By Molly Franklin
“Cooper, just shut up back there, will ya?”
“What am I even sayin’?”
“Just shut up.”
“Why’d the kid have to come?”
Presley curled back into the leather seat at the sound of Danny’s voice. Her younger brother sat in the back of the truck, his face gnarled in the reflection of the rearview mirror. Cooper’s face was flushed highlighting the fact that he wasn’t old enough to shave or even have acne yet. He wasn’t wearing a seatbelt so every time Danny turned on the gravel road, it would send the kid’s small body to the other side of the truck in an ungraceful somersault. Presley had to give him credit though. He didn’t holler even when Danny made it a game to try to smash Cooper’s head into the back window.
Danny was eighteen and had a mean streak that even she was scared of that he wore as a scar under his full bottom lip and a star tattoo crudely drawn in the space between his pointer finger and his thumb. On one of their first dates, Danny had bragged that he had done it himself in juvey. Presley really liked it, but she never wanted him touching her with a boiled down needle. He wanted to put his name at the bottom of her back. Sitting in the car one hot August night, he said there was nothing hotter than knowing she was his. She asked him why he needed a reminder. He shrugged, picking under his nails with a pocket knife. That night he left three hickeys around her neck like a noose.
“Cause he said he’d scream and wake Mom up if he couldn’t.”
“So?” Danny asked throwing a glance at her from under his baseball cap. His arm was dangling out the window and the sound of cicadas pounded in through the opening, fighting against the dust and the heat. Presley clutched her dad’s shotgun between her thighs, the metal cooly kissing the inside of her thighs. She let out an aggravated burst of air, trilling it through her lips.
Her and Danny usually went coon hunting once a week. They’d take the truck out and turn off the headlights and wait cross legged on the grass until they could shoot at something. Presley liked the way a coon sounded when it got shot. She liked the way it sounded falling out of the trees taking down leaves and branches. Danny made it a point to jump up and find it. He could smell death, that’s what he always said. He liked to stare at it, the dead thing, and no matter how hard he tried, she didn’t come over to see her handiwork. She just wanted it to rot- unseen and forgotten. It reminded her of what her future was like in this town.
“So, he’d fucking do it.”
“Yeah, I fucking would.” Cooper’s voice rose from the back and he stared at the couple through the rearview. Danny’s 12 gauge shotgun was hanging above Coop’s head, mounted to the back window in a black rack. There was a pine tree air freshener that was dangling from the nose of it. Cooper was wearing an orange vest, something that Danny had found balled up in the back seat. Danny told him he could have the jacket, but he wasn’t allowed to touch the guns. Presley couldn’t help but think that the word ‘fuck’ sounded foreign on her brother’s tongue like a second language that he had learned, but there was still something about the vowels or the emphasis that sounded off. He put too much stress on it like he wasn’t sure if he was using it in the right context. He wouldn’t dare say it in front of their parents. She hadn’t even heard him say it when he was holed up in his rooms with his friends.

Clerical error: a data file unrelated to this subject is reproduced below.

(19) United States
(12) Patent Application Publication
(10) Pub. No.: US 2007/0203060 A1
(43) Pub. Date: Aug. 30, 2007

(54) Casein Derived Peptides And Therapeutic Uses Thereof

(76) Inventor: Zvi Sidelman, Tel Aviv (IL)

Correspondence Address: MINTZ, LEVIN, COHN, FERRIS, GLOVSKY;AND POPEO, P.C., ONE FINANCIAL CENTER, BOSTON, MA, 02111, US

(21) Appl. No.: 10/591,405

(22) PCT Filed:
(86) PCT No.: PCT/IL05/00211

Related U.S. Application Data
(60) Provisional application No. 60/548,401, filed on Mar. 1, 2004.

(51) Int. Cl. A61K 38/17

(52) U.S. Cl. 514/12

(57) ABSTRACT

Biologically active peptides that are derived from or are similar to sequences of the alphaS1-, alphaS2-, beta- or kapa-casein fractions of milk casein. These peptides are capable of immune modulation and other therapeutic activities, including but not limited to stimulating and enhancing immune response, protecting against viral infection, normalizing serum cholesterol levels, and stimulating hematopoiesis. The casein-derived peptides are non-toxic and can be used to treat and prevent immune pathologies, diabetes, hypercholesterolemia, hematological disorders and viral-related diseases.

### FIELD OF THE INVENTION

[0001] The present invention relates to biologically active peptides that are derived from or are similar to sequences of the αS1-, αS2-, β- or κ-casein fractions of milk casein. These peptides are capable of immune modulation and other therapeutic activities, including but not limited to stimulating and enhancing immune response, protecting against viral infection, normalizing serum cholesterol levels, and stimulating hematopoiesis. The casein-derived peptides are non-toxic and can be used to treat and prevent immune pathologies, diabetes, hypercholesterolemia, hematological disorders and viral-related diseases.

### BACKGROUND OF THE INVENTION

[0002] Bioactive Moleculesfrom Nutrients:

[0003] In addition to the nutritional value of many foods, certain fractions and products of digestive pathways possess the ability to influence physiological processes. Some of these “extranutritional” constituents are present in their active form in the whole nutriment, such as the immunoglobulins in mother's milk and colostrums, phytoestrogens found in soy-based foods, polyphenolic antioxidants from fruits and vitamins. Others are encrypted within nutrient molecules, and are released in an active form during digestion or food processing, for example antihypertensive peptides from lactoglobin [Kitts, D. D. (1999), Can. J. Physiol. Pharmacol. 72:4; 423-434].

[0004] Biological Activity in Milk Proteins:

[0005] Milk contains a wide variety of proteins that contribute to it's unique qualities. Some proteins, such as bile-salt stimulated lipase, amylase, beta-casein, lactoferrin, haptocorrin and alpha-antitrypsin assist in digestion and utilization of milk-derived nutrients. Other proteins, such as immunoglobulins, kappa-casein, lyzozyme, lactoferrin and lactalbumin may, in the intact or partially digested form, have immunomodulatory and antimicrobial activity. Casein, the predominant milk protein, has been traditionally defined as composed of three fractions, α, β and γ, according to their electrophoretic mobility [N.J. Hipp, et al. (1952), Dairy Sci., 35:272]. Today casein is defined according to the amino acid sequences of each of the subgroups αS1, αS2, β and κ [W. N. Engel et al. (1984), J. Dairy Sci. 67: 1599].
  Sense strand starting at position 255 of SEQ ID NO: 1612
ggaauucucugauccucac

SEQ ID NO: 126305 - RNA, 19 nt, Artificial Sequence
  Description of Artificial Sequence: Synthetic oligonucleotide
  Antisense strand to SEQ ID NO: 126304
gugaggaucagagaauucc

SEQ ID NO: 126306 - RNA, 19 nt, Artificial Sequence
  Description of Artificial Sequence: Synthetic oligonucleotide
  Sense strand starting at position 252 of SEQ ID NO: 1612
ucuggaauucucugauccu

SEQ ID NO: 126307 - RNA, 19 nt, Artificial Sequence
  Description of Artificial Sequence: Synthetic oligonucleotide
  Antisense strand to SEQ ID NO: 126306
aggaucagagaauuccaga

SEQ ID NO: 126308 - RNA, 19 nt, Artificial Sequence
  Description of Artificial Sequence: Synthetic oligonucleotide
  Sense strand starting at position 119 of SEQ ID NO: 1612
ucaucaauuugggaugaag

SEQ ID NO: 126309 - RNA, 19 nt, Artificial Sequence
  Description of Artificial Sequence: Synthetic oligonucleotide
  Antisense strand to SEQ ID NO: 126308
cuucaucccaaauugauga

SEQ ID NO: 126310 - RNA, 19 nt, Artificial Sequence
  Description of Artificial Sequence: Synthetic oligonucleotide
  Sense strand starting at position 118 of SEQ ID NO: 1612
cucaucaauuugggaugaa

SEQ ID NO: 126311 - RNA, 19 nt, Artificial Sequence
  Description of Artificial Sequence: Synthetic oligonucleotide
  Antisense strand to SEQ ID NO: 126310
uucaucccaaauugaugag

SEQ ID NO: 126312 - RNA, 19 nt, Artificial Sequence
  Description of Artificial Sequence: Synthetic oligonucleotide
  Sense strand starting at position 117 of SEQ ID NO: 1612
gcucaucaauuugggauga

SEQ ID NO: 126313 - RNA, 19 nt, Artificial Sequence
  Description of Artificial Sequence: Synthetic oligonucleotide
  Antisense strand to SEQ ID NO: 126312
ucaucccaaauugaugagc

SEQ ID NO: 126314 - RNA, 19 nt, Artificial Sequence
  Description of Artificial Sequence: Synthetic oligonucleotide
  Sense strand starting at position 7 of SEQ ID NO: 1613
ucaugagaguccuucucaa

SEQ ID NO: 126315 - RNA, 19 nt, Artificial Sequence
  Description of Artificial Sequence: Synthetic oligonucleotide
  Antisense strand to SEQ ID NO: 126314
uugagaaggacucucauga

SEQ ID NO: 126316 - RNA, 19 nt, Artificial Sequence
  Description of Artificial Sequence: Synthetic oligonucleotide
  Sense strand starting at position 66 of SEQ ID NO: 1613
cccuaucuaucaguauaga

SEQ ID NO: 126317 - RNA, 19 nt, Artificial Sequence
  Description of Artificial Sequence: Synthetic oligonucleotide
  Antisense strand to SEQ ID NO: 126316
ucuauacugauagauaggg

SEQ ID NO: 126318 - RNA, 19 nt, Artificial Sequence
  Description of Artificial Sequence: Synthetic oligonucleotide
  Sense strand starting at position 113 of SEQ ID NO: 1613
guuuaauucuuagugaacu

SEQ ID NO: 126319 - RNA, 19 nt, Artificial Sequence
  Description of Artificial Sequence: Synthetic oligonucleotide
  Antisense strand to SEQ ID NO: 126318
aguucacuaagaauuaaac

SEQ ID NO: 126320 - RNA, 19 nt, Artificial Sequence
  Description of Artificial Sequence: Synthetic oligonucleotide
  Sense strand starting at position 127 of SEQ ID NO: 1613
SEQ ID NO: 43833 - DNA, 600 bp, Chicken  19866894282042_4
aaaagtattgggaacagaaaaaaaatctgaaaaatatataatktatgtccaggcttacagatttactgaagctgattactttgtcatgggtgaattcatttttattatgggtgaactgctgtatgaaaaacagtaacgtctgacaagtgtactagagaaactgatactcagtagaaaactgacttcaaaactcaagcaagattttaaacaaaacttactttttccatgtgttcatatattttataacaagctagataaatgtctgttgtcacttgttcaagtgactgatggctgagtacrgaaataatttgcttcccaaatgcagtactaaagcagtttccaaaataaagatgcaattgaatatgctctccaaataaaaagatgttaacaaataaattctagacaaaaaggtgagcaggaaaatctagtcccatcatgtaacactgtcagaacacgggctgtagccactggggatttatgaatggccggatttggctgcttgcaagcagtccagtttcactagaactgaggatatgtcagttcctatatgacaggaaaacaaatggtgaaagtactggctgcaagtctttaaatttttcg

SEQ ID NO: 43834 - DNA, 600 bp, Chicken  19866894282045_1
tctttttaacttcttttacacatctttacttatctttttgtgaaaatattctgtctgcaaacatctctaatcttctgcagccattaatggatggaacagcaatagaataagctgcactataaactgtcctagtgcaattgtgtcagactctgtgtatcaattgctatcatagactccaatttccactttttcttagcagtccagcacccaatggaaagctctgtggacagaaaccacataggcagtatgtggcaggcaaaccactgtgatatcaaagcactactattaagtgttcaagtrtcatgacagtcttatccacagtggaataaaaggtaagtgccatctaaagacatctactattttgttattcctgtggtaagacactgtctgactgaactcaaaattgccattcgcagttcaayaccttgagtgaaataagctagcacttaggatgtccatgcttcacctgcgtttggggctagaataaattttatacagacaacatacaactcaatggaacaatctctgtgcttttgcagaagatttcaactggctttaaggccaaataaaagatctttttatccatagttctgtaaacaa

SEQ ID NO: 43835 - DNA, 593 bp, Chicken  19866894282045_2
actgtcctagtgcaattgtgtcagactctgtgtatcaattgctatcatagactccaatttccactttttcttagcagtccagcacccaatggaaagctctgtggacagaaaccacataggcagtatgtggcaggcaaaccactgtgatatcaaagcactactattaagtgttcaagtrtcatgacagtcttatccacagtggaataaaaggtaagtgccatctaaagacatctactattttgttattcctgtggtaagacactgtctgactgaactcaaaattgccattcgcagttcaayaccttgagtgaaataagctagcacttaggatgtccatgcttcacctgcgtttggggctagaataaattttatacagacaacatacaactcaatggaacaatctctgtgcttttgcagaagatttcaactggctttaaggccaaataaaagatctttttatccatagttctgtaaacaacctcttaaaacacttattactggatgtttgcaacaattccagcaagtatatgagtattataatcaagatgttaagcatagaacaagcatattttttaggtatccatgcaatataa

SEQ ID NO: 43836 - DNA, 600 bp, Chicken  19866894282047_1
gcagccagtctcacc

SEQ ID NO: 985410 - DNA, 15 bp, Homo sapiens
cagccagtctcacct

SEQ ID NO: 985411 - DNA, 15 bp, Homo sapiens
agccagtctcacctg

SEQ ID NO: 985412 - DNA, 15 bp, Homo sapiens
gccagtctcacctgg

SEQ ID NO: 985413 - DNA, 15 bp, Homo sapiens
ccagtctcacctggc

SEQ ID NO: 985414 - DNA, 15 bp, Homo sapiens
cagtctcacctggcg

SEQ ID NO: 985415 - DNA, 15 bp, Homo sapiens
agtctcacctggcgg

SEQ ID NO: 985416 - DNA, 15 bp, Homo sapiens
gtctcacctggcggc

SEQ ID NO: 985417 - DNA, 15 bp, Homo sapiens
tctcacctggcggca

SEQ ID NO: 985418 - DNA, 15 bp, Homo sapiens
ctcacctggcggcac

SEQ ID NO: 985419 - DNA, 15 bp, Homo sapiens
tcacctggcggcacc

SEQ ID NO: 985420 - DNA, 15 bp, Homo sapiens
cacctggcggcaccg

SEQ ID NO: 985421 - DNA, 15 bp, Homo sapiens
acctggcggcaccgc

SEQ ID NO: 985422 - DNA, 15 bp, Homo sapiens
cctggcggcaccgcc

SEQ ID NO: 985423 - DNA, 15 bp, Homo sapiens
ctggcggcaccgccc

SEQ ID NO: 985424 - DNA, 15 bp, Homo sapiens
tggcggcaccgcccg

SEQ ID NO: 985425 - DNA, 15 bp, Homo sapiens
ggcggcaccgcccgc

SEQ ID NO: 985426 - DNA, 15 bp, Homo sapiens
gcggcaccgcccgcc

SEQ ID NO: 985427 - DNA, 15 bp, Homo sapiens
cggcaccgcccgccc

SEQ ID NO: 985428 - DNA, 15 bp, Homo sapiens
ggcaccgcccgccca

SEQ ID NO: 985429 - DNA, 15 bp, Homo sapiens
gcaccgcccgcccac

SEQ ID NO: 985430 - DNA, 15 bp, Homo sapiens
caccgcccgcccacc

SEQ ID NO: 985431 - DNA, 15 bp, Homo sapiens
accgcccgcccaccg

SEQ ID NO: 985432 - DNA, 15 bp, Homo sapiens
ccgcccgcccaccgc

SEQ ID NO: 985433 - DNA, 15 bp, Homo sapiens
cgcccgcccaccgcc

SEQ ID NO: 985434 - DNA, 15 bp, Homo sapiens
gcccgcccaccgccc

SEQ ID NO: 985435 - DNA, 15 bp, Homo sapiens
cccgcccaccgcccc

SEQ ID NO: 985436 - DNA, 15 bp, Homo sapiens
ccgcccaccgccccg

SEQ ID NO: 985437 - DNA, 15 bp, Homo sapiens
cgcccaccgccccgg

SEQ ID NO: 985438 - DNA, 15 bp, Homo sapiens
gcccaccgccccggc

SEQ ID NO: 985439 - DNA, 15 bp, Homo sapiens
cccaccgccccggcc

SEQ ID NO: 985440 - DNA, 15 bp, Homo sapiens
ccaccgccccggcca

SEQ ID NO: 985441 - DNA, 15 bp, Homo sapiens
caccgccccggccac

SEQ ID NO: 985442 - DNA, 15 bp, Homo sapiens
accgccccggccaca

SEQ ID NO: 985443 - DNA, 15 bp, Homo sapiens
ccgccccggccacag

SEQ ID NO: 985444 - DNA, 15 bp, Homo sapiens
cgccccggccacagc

“Shut up.” Presley called back. Her black hair tickled her ears and the heavy bass that was pumping through the speakers pulsated over her freckled skin. Danny reached over, his star tattoo flashing, as he lowered the volume and turned off the headlights immediately plunging them into the Iowa dark. He turned off the road, sliding from pure gravel to slicked back, overgrown grass. As he drove forward, the wheels of the truck stumbled over the dips in the landscape like a drunkard stumbling out of a bar. He stopped in front of the line of woods, the tops of the trees that contrasted the blueish black skies like old lace. As the truck came to a stop, Presley pushed open the truck door and the ‘door ajar’ light came on and the ring of an alarm jiggled in the air. Danny turned over his shoulder to face Cooper.
“Can you handle being outside or do you have to stay in the truck?” Danny’s voice was condescending and Presley bristled.
“Why do you think I’m such a baby?”
“Why do you think? You probably don’t even have hair on your balls yet.”
Cooper’s face grew red in the small amount of light coming from the ceiling of the truck. Danny’s mouth split into an uneven smile, his jagged canine teeth burned like the stars in the sky. They were Presley’s own constellation that she liked to connect with when they kissed.
“Seriously, I don’t even want to think about it.” Presley muttered.
“Am I right, little man? Or do you got any curlies down there?”
“Danny, knock it off.”
Cooper’s small body, all elbows and knees connected with tissue paper skin hurled itself in the space between the front seats. He pummeled over his sister’s side, crawling over her lap and out the door.
“Hey! Watch the gun!” She called after him as he had half fallen on the ground. She readjusted in the seat, one hand on the muzzle of the gun.
“Seriously?” Presley’s mouth turned down slightly.
The sound of Danny’s smug snickering faded and his face dropped. “What?”
“You just had to get him going?”
“I proved my point, didn’t I?” She rolled her eyes, huffed, and then stepped out of the truck, bare feet sinking into the dewy ground, her orange metallic nail polish caught like a flick of flame in the green.